Who Gave Iran the Technology for Trapping the US Stealth Drone?

Iran's electronic trap for snaring the Lockheed Martin RQ-170 Sentinel, one of the world's most secret drone programs must be accounted a huge military and intelligence coup and a landmark in the long tussle over its nuclear program.
As this issue closed, DEBKA-Net-Weekly's intelligence sources reported growing suspicion in Washington that only the Russians were capable of breaking through the frequencies which linked CIA headquarters in Langley with the satellite communicating with the drone. It was the Sentinel's first mission inside Iran. The decision to bring it down by a cyber attack was not taken initially in Tehran but in a foreign capital.
Our Iranian sources disclosed that Tehran offered to allow Moscow and Beijing to study the captured drone in return for their commitment to provide Iran with the nuclear and military technologies it lacks as well as weapons systems withheld from Iran by Moscow.
DEBKA-Net-Weekly's intelligence experts liken it to such major American and Israeli intelligence successes as the defection to the West in early 2007 of key Iranian nuclear program executive Brig. Gen. Ali-Reza Asgari, and the Stuxnet cyber invasion of June 2010 of the program's computer control systems.
Those feats slowed and partially shut down Iran's nuclear projects. Now, Iran's capture of a complete RQ-170 Sentinel will impair would-be Western plans for striking those projects.
(See more about this in the next item).
American intelligence experts tried to figure out this week how Iran came to announce Sunday, Dec. 4 that it had shot down the RQ-170 reconnaissance UAV with hardly any damage, DEBKA-Net-Weekly reports.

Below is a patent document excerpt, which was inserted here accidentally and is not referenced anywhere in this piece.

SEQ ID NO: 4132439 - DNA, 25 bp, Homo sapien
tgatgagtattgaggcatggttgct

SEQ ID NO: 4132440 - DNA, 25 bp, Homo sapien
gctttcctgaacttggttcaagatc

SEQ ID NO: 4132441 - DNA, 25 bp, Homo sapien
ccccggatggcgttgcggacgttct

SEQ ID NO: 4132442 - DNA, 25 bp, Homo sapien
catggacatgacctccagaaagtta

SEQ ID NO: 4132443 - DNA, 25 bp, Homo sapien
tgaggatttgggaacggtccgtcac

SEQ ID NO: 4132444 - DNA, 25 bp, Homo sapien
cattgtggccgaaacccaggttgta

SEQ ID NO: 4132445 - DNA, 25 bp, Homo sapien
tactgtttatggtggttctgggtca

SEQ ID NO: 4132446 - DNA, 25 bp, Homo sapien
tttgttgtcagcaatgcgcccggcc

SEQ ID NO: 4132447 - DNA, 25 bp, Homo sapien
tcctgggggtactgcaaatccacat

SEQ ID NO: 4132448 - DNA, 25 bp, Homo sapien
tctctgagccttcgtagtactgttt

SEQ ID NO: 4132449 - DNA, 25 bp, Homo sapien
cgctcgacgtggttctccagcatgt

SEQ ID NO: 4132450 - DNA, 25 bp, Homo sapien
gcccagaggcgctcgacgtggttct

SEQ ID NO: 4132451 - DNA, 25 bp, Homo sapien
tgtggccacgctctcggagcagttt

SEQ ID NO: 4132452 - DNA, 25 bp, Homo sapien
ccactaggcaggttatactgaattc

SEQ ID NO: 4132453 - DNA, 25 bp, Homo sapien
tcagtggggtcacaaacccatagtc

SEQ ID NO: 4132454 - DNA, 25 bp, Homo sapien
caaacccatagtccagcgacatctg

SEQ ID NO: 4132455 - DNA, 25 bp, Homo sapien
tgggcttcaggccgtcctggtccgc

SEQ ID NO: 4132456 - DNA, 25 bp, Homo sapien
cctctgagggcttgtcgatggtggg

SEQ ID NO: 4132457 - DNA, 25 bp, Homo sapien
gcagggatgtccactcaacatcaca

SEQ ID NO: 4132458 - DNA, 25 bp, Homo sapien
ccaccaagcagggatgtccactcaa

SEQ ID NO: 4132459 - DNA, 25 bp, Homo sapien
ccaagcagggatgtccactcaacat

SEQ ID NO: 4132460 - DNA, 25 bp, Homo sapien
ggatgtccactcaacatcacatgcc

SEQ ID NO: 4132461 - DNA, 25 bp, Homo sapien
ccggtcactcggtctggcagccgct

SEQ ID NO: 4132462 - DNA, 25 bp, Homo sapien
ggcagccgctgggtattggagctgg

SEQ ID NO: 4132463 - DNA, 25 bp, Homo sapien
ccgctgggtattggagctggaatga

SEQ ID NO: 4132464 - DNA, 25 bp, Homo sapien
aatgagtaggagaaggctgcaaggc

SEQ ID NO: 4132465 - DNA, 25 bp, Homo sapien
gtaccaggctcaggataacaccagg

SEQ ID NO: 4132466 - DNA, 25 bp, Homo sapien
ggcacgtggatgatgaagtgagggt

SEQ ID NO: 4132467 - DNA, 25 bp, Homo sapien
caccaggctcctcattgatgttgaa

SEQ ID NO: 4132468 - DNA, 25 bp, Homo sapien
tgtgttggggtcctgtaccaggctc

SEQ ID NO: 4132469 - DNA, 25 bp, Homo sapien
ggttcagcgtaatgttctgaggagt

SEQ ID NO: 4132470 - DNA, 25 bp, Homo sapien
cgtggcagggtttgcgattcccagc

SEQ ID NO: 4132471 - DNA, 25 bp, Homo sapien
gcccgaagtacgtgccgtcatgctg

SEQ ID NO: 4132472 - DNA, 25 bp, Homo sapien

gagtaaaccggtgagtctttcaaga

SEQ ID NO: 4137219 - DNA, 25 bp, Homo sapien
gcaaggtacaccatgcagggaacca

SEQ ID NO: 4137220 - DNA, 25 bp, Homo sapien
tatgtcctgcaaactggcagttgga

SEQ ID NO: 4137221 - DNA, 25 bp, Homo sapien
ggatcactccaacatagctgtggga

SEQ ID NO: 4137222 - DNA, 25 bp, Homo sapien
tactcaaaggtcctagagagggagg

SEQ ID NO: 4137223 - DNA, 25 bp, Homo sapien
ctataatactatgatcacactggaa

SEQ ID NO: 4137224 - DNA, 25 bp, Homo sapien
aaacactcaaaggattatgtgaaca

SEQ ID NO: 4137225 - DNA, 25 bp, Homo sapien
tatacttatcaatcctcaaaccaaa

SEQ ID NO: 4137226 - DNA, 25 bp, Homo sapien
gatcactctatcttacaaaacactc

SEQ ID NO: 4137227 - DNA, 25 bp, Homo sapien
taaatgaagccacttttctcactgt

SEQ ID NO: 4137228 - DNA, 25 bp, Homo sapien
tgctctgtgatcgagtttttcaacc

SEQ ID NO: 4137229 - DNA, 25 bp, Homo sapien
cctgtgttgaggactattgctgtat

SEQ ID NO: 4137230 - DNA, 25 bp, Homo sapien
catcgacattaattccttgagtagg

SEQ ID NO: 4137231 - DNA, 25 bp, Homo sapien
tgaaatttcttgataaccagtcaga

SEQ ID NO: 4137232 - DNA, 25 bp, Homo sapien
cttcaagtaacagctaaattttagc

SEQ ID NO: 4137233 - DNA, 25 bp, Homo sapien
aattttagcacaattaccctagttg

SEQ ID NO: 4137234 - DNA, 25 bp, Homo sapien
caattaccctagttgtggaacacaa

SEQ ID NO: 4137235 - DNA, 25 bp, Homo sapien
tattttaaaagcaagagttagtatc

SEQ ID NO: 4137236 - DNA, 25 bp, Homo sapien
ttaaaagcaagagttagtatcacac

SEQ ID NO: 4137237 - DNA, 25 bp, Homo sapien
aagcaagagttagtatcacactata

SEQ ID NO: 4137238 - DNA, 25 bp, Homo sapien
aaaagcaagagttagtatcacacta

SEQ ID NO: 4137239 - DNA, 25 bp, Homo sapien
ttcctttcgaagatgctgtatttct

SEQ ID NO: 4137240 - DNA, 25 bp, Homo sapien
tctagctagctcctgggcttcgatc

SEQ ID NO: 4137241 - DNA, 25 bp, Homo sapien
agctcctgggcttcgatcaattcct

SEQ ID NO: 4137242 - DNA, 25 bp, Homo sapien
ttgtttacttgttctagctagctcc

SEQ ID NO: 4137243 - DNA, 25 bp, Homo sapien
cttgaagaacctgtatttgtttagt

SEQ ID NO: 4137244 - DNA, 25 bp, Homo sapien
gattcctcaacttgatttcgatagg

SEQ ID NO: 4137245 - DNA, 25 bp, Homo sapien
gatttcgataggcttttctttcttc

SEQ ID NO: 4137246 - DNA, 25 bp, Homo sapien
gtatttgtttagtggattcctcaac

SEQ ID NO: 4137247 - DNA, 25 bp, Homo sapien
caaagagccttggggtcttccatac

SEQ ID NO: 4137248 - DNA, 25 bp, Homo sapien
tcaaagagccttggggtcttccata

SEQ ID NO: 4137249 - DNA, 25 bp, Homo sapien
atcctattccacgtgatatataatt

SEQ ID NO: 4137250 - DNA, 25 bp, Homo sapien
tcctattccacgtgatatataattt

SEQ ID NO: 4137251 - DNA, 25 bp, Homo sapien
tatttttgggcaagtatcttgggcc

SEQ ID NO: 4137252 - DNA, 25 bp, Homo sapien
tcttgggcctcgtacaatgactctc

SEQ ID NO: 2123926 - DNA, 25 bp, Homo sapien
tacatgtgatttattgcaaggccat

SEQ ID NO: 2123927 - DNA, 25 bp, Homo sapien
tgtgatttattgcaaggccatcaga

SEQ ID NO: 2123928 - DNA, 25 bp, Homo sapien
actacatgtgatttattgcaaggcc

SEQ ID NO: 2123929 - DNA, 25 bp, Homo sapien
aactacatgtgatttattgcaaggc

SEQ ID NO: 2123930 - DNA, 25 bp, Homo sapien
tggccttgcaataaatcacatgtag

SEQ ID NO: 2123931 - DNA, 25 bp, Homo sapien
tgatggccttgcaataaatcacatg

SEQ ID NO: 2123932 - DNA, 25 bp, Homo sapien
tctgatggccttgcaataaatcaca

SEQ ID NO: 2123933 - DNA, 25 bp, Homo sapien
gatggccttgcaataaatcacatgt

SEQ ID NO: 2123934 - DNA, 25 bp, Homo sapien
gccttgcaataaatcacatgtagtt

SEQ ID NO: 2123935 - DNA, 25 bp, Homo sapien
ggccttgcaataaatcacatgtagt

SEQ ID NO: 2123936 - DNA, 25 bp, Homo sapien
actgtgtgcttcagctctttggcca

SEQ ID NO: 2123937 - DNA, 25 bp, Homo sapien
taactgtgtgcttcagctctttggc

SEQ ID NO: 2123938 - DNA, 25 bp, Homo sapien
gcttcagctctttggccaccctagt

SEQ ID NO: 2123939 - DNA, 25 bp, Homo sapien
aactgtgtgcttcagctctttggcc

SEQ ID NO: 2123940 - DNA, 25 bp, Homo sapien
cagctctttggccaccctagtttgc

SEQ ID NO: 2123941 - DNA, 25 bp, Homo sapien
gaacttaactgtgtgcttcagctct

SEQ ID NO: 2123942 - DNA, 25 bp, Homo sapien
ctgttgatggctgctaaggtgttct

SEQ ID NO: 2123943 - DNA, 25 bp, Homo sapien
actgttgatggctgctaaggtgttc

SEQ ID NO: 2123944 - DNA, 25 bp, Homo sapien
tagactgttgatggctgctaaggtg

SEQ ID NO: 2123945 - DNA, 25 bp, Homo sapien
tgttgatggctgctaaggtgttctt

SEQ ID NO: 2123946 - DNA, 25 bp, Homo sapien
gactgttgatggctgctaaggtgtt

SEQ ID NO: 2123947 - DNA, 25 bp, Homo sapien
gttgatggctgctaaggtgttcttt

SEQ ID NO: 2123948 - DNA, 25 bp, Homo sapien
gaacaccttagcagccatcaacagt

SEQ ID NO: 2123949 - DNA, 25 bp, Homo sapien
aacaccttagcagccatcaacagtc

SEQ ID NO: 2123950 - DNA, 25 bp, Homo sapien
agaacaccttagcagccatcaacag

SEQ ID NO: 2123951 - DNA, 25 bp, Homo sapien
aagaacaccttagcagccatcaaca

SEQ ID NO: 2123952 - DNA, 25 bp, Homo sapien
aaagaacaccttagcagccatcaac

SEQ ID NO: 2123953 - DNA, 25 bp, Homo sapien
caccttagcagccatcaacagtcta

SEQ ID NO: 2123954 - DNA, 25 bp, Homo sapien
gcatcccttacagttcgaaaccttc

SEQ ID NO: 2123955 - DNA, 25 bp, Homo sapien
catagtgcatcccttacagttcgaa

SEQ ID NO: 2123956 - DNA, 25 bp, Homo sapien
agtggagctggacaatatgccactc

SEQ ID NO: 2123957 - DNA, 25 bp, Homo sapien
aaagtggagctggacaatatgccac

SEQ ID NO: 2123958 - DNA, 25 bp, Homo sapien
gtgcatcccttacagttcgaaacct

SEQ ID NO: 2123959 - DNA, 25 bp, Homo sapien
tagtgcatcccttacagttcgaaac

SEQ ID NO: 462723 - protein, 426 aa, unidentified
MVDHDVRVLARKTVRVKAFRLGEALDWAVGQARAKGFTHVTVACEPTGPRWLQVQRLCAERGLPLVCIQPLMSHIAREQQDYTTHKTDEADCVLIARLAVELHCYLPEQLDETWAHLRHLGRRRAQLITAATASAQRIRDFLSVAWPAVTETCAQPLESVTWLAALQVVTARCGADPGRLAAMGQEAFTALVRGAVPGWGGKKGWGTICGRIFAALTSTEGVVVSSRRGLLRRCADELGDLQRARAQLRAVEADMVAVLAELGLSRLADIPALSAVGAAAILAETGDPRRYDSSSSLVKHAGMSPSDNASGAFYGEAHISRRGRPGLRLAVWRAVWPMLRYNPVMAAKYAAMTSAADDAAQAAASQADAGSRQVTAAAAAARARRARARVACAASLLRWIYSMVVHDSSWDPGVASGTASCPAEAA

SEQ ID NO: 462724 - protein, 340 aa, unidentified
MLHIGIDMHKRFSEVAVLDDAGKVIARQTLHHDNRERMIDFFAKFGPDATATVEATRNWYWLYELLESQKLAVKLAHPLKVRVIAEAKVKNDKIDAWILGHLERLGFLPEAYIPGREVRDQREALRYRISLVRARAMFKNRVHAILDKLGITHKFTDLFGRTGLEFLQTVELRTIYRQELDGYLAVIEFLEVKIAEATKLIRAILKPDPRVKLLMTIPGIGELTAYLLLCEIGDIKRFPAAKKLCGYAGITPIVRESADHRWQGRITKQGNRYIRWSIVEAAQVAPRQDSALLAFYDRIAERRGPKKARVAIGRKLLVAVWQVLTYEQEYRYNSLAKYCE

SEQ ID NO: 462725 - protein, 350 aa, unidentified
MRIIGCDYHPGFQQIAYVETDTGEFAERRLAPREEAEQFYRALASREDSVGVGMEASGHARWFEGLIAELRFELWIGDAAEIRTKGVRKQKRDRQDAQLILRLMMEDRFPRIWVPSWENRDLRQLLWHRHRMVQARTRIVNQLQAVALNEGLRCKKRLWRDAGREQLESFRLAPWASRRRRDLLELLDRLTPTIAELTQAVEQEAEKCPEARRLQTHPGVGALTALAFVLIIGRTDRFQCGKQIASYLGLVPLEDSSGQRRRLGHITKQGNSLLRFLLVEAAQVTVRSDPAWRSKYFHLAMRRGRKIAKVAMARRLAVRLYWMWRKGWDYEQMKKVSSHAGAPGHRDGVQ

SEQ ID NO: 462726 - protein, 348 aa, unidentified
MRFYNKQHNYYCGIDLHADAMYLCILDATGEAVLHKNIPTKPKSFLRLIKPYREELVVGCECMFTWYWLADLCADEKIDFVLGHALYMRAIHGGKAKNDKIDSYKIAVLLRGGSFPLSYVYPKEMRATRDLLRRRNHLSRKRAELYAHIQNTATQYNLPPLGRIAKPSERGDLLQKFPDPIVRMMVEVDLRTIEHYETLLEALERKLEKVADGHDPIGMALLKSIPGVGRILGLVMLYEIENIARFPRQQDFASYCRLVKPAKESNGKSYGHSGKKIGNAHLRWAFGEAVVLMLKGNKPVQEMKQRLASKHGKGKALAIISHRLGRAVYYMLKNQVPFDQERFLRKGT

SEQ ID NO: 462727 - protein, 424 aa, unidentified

They came up with five hypotheses which could be taken separately or in some form of combination:
1. Penetration: Iranian agents were able to penetrate the Kandahar base in southern Afghanistan where the CIA keeps its stealth drones for secret missions. They may have used local suppliers or service providers.
It would not be the first hostile penetration of a secret US installation in that country.


Pakistan settles scores by betrayal?


The most deadly incident for US forces in the 10-year Afghanistan war occurred on Aug. 6, when Taliban shot down a CH-47 helicopter, killing 30 American troops, seven Afghans and an interpreter in the eastern Wardak province. Among the fatalities were six members of the elite Navy SEALs Sixth Unit which three months previously had killed Osama bin Laden in the Pakistani garrison town of Abottabad.
Taliban fighters were able to bring the Chinook down with a rocket-propelled grenade moments after takeoff because they had a tipoff from inside its base, US Combat Outpost Sayed Abad. The tip must have come from Iranian spies inside the Kandahar base or Afghan personnel the moment the RQ-170 took off.
Iranian intelligence collaborates closely with Taliban in the Kandahar region; its agents supply the insurgents with arms and roadside bombs for killing Americans.
2. Pakistan betrayal: Islamabad has a large, ongoing bone to pick with Washington. Pakistanis have not forgiven Washington for its operation to kill Bin Laden in breach of their sovereignty. The drone was downed on the same day that US forces evacuated the Shamsis air base in Pakistan, which had served American drones targeting Taliban and al Qaeda bases. Islamabad ordered the evacuation in reprisal for the Nov. 24 cross-border American helicopter attack from Afghanistan which killed 24 Pakistani border post soldiers.
President Barack Obama expressed sorrow for the incident but incensed Pakistanis by withholding an apology.
The military Inter-Services Intelligence agency-ISI is believed by some US and other Western circles to have chosen to settle scores and humiliate the Obama administration by passing US Sentinel drone secrets to Tehran.


China's interest in keeping Iran safe from attack